Biden urged 'de-escalation today' in new call with Netanyahu

US President Joe Biden has greatly increased the pressure on Israel to end the war with the Palestinians, making clear in a call with Prime Minister Benjamin Netanyahu that he expects “significant de-escalation” by the day’s end.

Mr Biden asked Mr Netanyahu to move “towards the path to a ceasefire”, according to a White House description of their conversation.

The US president’s call came as political and international pressure mounts on him to intervene more forcefully to push an end to the hostilities.

Mr Biden had until Wednesday avoided pressing Israel more directly and publicly for a ceasefire, or conveyed that level of urgency for ending Israeli air strikes targeting Hamas in the densely populated Gaza Strip.

His Biden administration had relied instead on what officials described as “quiet, intensive” diplomacy, including quashing a UN Security Council statement that would have addressed a ceasefire.

The administration’s handling opened a divide between Mr Biden and Democratic legislators, dozens of whom have called for a ceasefire.

Egypt and some others have worked without success to broker a halt to fighting, while Hamas officials indicated publicly they would keep up their rocket barrages into Israel as long as Israel continued air strikes.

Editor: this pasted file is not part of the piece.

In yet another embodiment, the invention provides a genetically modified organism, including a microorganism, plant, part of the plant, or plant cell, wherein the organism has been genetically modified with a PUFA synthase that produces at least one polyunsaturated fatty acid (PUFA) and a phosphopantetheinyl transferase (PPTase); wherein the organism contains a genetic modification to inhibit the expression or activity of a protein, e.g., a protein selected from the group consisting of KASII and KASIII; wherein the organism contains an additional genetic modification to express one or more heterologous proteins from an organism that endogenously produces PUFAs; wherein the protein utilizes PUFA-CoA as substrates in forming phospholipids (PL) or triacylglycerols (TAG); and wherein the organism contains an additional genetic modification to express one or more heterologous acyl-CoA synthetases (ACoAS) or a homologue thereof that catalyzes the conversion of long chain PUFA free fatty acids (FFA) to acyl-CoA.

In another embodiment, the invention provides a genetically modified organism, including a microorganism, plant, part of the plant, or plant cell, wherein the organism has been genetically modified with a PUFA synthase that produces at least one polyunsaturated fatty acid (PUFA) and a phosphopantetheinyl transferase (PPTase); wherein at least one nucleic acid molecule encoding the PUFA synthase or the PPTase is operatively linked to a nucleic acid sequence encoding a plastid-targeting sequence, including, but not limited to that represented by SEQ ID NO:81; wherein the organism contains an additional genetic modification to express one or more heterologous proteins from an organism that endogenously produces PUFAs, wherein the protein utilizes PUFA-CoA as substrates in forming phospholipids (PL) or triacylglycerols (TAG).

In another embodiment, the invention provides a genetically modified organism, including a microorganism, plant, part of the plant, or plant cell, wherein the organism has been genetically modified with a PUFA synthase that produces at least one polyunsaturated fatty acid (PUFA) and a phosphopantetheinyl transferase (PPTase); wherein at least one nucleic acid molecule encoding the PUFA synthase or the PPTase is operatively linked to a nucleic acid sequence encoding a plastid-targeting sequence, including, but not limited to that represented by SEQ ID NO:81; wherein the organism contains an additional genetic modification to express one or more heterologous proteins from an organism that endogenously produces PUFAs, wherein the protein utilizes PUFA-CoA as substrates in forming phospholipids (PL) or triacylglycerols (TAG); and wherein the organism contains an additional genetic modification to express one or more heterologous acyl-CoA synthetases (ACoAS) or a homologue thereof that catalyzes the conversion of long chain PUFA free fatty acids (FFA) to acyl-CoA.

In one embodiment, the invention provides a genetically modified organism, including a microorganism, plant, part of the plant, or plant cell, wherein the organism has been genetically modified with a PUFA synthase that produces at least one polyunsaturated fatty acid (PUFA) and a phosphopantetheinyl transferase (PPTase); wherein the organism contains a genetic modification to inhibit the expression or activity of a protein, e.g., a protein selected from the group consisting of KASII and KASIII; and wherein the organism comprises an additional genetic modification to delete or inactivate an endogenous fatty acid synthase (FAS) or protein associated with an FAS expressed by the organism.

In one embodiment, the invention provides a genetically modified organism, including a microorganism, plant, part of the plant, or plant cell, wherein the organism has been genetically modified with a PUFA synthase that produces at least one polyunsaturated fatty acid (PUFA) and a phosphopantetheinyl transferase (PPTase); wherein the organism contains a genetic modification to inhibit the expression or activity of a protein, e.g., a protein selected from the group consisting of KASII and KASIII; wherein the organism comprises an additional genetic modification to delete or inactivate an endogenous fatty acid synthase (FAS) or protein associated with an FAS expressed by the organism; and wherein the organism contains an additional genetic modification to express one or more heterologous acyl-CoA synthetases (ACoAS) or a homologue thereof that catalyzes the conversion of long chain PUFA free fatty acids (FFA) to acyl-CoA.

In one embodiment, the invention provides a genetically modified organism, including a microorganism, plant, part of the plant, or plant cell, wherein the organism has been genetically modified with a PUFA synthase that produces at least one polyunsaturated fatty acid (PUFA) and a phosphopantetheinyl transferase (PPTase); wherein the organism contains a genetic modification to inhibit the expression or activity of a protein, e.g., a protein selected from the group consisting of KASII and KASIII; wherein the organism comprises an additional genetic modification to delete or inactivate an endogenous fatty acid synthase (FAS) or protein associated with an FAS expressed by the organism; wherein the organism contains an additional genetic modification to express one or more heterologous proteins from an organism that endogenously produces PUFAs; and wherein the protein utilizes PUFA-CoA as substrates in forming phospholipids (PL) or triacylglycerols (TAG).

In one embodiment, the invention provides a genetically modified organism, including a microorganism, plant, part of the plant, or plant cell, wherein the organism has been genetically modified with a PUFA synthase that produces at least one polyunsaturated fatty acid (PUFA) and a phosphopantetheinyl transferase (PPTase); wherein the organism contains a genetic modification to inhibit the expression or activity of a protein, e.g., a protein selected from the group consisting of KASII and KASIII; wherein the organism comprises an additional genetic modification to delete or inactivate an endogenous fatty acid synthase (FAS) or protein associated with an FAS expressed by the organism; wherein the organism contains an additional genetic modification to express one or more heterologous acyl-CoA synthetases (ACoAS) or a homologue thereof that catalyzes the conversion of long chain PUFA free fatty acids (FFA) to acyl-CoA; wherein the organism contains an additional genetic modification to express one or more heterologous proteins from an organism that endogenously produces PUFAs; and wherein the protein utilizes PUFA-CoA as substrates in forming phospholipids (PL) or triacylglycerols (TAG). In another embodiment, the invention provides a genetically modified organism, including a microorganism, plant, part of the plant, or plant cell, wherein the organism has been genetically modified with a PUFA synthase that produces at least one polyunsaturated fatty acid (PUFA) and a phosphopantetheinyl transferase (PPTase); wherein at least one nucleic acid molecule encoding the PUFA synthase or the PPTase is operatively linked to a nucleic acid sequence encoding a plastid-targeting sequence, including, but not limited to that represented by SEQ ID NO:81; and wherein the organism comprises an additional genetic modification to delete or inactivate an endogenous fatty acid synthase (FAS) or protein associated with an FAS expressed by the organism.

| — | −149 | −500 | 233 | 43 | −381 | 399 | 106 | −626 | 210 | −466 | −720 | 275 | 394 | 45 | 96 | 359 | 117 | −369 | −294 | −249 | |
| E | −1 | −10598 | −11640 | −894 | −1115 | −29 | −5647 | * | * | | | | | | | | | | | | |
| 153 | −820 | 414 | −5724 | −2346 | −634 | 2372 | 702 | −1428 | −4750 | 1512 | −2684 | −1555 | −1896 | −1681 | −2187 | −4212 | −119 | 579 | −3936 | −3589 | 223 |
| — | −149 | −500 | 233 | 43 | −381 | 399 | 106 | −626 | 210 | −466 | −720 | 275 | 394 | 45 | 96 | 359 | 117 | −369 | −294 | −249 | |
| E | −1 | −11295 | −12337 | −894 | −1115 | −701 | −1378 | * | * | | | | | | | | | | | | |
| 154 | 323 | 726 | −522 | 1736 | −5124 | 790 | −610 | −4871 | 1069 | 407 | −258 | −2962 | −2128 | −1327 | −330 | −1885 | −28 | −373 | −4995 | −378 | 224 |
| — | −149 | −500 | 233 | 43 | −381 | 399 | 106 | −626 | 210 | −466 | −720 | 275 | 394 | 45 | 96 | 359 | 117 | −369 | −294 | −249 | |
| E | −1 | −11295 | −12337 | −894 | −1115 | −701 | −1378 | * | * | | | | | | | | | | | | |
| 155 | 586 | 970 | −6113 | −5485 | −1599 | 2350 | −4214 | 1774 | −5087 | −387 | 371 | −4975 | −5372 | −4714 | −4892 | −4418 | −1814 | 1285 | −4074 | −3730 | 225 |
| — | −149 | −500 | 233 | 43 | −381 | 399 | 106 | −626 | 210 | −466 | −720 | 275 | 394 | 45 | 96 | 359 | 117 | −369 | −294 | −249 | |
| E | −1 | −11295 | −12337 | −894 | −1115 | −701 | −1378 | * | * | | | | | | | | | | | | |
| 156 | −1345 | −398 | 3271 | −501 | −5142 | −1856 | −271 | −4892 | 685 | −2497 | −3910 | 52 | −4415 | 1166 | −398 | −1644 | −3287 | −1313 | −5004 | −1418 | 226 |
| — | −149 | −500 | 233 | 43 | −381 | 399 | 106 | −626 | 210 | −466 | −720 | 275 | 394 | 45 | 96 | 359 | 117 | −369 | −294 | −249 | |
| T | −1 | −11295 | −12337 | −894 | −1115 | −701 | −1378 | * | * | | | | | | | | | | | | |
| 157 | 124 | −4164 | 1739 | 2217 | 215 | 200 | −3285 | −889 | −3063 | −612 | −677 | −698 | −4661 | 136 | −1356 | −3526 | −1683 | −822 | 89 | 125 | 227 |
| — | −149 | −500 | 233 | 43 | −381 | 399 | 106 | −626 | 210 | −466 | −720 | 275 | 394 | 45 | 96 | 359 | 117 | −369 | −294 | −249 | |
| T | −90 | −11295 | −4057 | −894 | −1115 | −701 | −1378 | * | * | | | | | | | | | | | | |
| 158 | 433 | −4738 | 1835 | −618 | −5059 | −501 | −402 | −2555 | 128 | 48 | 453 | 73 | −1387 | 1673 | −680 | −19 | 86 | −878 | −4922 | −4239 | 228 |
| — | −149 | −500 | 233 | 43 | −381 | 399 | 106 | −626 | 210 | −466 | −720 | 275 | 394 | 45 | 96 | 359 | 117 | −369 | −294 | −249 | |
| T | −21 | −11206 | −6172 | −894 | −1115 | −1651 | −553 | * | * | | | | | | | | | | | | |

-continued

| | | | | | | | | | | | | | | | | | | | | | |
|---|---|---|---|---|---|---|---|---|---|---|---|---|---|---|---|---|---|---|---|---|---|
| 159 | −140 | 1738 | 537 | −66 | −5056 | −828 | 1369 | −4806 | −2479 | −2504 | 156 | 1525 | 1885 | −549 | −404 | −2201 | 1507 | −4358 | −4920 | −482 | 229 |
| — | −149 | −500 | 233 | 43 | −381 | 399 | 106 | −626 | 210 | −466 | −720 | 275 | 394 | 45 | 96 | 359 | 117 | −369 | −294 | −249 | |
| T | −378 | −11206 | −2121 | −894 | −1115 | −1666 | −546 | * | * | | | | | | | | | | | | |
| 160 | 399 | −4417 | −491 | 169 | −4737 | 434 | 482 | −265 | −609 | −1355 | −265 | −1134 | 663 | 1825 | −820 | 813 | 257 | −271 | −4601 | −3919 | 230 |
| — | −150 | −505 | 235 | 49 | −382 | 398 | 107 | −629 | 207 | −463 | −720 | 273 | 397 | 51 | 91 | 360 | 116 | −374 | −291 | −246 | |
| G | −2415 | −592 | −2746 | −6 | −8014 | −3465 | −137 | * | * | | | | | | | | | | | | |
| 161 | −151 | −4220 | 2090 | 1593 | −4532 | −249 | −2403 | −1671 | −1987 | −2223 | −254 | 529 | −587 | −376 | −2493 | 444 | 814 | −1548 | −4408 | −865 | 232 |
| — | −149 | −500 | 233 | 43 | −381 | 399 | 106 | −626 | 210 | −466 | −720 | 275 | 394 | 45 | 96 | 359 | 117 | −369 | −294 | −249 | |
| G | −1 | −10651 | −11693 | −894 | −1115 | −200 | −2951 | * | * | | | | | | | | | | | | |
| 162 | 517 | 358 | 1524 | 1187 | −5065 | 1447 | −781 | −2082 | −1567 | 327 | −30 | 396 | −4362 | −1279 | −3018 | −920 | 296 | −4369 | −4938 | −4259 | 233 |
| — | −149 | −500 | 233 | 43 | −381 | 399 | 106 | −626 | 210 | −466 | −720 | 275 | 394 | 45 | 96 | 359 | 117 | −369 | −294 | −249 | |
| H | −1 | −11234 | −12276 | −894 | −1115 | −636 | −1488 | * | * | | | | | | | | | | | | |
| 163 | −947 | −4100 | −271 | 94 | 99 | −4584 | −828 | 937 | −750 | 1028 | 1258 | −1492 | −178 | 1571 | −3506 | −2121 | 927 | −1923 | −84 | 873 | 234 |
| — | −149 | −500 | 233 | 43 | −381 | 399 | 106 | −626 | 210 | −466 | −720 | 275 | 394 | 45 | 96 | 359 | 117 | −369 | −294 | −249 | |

Hamas’s top leader Ismail Haniyeh, who is based abroad, said this week that the group has been contacted by the United Nations, Russia, Egypt and Qatar as part of ceasefire efforts but “will not accept a solution that is not up to the sacrifices of the Palestinian people”.

Mr Netanyahu had given no sign of plans to immediately wind down Israeli air strikes targeting Hamas leaders and supply tunnels in Gaza, a 25-mile by six-mile strip of territory that is home to more than two million people.

“You can either conquer them, and that’s always an open possibility, or you can deter them,” he told foreign ambassadors.

“We are engaged right now in forceful deterrence, but I have to say, we don’t rule out anything.”

The fighting, the worst Israeli-Palestinian violence since 2014, has killed at least 219 Palestinians and 12 people in Israel.

The latest strikes came as diplomatic efforts aimed at a ceasefire gathered strength and Gaza’s infrastructure, already weakened by a 14-year blockade, rapidly deteriorated.

Medical supplies, water and fuel for electricity are running low in the territory, on which Israel and Egypt imposed the blockade after the Islamic militant group Hamas seized power in 2007.